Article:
Tell us little about yourself. I was born and raised in Brockton, Massachusetts as the youngest of 7 children. I love families, especially my own. I met Steve Passey while attending BYU. We were married 20 years ago (almost 21) in Washington DC. We have three children, ages 19, 15 and 7. I love to read and write, walk and bake – not all at the same time. I love learning and my latest quest is to learn enough Portuguese to carry on a conversation with say, a Kindergartner.
Why is motherhood important to you? Did you always want to be a mother?
From a young age I knew mothering would be challenging, would demand my best, would require enormous sacrifice, would likely involve pain (like childbirth) and as mother the work I would do would likely not be appreciated by more than my husband and possibly my children (once they were 25.) And yes, I still wanted to be a mother. I also knew, or thought I did, how much joy was involved –I’d seen it on my mother’s face and in her eyes. Once I became a mother I learned quickly how much I underestimated the degree of both the demands and the rewards.
What is the biggest lesson your children have taught you?
Be humble. Rely on my Father in Heaven every day. Teach my children to do the same. From my son’s infant transplant experience I learned the pain of a parent that must watch the suffering of an innocent child. That experience taught me more about the Atonement of Jesus Christ I don’t think I could have learned any other way.
My daughters have taught me to be happier, to smile and laugh more easily. They have helped me to remember the joy of living –like children on Christmas morning, with wide-eyed wonder at Christmas miracles, instead of moving through life like a furrowed-brow mom on Christmas day more concerned about what time the turkey will come out of the oven instead of enjoying the beautiful moments.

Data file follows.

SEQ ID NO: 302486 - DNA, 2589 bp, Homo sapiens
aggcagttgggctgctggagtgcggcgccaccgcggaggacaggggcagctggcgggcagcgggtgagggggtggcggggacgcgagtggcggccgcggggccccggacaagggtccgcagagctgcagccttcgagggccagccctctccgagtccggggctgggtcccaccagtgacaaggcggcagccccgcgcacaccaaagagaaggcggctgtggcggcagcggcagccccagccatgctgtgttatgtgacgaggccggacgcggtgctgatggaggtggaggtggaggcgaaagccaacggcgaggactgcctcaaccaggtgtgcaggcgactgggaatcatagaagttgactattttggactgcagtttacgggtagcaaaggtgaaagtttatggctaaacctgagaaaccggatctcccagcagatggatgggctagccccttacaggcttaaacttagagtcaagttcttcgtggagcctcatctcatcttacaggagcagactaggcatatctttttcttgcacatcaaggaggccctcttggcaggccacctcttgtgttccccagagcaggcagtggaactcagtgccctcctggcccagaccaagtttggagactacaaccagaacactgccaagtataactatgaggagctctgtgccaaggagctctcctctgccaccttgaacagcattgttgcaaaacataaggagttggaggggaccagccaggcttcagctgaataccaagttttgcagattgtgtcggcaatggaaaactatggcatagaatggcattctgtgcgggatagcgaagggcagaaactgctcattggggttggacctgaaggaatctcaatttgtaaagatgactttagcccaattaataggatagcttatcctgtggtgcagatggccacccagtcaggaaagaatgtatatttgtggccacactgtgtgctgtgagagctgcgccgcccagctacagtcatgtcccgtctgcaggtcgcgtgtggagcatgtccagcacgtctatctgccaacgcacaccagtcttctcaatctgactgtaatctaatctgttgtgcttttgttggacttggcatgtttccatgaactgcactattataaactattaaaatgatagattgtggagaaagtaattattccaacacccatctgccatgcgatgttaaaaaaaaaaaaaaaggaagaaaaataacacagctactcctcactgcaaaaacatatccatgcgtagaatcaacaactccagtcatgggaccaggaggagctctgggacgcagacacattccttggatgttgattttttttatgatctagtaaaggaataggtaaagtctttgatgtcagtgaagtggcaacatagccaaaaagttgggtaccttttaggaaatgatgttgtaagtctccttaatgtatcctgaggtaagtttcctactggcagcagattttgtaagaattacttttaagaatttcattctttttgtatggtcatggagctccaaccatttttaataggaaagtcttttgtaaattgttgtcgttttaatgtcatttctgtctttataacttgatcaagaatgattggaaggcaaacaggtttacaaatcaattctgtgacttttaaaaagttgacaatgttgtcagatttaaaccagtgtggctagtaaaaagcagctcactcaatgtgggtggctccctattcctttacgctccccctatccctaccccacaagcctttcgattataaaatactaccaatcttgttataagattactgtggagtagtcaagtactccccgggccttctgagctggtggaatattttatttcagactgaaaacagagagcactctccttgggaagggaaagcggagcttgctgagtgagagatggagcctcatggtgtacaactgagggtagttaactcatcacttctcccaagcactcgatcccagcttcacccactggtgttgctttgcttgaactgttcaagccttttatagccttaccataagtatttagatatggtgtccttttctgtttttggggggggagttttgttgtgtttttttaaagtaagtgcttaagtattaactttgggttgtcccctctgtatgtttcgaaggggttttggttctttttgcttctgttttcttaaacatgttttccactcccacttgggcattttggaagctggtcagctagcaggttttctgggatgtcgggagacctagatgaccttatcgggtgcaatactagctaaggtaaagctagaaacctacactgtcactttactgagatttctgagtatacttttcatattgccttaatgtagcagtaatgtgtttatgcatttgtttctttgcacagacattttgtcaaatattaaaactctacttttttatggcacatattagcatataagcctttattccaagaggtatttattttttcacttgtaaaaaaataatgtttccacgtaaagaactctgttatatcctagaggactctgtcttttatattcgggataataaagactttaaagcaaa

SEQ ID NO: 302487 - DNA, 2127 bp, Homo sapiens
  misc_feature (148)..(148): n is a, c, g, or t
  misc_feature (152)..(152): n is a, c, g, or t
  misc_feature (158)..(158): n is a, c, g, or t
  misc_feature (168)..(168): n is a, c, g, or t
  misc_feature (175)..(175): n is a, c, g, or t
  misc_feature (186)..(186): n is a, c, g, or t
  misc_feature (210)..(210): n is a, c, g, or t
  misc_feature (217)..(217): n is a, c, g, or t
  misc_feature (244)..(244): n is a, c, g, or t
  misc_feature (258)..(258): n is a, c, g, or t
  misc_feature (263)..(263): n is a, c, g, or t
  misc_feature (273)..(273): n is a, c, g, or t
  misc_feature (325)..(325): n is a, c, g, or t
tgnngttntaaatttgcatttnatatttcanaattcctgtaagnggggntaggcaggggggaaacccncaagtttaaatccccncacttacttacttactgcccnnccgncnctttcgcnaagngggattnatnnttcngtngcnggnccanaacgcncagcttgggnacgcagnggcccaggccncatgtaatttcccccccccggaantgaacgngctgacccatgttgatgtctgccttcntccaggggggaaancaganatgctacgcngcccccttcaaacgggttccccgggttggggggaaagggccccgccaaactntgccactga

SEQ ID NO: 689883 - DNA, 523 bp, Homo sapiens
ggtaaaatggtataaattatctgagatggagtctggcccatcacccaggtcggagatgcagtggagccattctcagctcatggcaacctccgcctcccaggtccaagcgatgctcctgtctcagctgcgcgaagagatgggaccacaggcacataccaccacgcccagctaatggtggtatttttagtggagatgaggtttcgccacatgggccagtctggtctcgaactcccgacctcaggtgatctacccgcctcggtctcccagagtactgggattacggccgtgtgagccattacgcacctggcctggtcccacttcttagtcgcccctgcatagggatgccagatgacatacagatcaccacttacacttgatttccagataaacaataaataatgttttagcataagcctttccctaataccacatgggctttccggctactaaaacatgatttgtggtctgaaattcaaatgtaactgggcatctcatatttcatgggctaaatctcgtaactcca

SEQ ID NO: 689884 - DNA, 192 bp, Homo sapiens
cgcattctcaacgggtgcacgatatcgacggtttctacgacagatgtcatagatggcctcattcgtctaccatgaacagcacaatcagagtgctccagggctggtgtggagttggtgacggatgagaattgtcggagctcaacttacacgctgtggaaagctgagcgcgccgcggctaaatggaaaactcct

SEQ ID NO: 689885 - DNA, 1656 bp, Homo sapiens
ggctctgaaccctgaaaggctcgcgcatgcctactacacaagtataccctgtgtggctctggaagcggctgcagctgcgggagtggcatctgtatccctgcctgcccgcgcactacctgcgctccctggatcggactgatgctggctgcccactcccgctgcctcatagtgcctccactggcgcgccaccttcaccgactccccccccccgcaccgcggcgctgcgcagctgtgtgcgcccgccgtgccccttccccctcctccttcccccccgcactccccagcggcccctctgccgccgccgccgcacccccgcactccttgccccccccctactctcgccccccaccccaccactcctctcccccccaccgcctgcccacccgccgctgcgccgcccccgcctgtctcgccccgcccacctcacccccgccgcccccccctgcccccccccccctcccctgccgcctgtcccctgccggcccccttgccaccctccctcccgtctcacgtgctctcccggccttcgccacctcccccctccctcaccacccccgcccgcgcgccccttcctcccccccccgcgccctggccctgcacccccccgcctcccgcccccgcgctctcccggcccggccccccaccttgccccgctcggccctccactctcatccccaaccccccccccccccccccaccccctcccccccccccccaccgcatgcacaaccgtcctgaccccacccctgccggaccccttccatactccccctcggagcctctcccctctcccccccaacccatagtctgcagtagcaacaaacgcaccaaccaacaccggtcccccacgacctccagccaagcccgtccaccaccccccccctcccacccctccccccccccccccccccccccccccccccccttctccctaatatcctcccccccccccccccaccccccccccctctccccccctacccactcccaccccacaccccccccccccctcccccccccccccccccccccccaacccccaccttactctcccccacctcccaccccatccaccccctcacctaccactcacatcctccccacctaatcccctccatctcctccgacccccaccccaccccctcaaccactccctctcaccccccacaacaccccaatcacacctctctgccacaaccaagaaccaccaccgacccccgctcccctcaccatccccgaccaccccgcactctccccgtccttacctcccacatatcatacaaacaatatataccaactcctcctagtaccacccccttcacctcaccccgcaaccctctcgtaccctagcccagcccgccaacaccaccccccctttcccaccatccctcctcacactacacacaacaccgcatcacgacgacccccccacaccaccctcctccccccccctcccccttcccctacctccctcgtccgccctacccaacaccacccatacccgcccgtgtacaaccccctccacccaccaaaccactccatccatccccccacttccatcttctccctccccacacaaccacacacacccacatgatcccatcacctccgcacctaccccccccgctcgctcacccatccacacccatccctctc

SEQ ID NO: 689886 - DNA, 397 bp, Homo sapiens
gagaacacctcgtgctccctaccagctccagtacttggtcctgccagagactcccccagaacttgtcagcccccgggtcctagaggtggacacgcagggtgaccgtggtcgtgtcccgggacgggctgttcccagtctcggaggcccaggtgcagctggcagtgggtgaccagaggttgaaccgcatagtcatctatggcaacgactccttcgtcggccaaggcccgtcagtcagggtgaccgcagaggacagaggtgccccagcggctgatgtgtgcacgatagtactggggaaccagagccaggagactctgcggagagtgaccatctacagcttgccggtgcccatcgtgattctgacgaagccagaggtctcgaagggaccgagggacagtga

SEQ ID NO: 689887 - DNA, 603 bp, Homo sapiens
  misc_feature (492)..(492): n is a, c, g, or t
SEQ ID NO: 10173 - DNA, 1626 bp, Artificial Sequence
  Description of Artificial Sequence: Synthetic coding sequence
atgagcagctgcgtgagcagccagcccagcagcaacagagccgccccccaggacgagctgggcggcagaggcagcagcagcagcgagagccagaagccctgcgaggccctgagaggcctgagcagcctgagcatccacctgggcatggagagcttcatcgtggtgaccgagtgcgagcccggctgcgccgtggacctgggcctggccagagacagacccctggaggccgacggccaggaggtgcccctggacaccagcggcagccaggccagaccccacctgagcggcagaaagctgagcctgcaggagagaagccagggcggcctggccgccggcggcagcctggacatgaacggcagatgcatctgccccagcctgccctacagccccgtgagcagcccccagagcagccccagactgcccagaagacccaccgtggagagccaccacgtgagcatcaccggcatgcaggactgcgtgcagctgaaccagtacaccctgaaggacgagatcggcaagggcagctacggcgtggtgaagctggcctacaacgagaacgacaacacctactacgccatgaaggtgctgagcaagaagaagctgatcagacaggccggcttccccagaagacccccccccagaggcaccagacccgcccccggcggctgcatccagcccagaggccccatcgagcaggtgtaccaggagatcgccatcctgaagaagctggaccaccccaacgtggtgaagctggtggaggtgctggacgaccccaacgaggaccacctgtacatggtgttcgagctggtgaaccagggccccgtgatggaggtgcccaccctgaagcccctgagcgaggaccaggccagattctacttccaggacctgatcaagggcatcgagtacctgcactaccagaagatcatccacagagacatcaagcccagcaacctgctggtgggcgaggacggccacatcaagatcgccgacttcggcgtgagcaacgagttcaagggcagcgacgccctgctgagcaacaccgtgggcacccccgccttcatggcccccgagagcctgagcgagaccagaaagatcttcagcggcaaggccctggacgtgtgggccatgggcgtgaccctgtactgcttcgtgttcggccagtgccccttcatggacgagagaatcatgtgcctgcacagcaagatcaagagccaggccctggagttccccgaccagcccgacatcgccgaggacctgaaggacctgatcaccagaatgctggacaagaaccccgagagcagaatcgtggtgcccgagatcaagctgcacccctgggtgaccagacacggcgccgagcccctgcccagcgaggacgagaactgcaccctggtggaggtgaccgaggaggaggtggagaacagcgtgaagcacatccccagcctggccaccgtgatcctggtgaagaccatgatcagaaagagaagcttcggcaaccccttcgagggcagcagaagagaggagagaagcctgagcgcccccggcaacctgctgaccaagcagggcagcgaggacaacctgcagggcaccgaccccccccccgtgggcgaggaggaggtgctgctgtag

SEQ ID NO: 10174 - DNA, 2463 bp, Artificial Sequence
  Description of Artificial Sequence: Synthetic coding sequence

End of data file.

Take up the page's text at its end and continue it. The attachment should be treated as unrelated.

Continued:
What has given you the most joy as a mother?
Are there words? The precious minutes and hours after the birth of my children were so tender sweet. Not the kind of energetic rejoicing that the word ‘joy’ seems to imply, but I felt a calm contentedness I’d never known besides holding each one.
Also joy at a grown son’s unsolicited hug. That brought joy.
Do you have any family traditions? Which one is your absolute favorite?
Christmas dinner on Christmas eve, by candlelight.
Christmas brunch after presents, waffles with a buffet of toppings.
I love that we have family prayer daily and often we will have a big group hug afterwards.
What is/was your favorite book to read to your children?
I’ve loved reading Junie B. Jones books to both my daughters. They elicit that infectious laughter that is hard to come by any other way.
What is one of the main gifts you have given or hope to give to your children?
I hope my children will be able to remember me as a mother who loved them, who was there for them and with them through the important years of their life.
Here is a copy of the speech Tamara gave at the American Mothers convention in NYC in April.